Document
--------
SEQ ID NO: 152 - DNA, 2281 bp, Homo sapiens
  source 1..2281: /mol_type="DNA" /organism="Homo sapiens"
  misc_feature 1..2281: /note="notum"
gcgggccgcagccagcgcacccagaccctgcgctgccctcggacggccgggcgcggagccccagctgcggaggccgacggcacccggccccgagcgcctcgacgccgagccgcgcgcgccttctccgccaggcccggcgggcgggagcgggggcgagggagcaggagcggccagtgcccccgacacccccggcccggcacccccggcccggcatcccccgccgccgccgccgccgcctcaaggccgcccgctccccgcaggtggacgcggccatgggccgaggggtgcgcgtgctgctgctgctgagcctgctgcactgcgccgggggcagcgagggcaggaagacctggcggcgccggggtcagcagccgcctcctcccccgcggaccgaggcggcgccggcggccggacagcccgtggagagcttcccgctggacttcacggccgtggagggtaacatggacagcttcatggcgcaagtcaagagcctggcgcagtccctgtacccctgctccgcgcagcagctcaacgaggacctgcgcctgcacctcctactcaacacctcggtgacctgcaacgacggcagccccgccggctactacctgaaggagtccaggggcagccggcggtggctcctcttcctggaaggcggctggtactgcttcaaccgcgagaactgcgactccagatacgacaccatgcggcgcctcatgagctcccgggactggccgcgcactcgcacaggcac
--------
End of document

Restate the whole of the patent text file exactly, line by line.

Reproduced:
SEQ ID NO: 152 - DNA, 2281 bp, Homo sapiens
  source 1..2281: /mol_type="DNA" /organism="Homo sapiens"
  misc_feature 1..2281: /note="notum"
gcgggccgcagccagcgcacccagaccctgcgctgccctcggacggccgggcgcggagccccagctgcggaggccgacggcacccggccccgagcgcctcgacgccgagccgcgcgcgccttctccgccaggcccggcgggcgggagcgggggcgagggagcaggagcggccagtgcccccgacacccccggcccggcacccccggcccggcatcccccgccgccgccgccgccgcctcaaggccgcccgctccccgcaggtggacgcggccatgggccgaggggtgcgcgtgctgctgctgctgagcctgctgcactgcgccgggggcagcgagggcaggaagacctggcggcgccggggtcagcagccgcctcctcccccgcggaccgaggcggcgccggcggccggacagcccgtggagagcttcccgctggacttcacggccgtggagggtaacatggacagcttcatggcgcaagtcaagagcctggcgcagtccctgtacccctgctccgcgcagcagctcaacgaggacctgcgcctgcacctcctactcaacacctcggtgacctgcaacgacggcagccccgccggctactacctgaaggagtccaggggcagccggcggtggctcctcttcctggaaggcggctggtactgcttcaaccgcgagaactgcgactccagatacgacaccatgcggcgcctcatgagctcccgggactggccgcgcactcgcacaggcac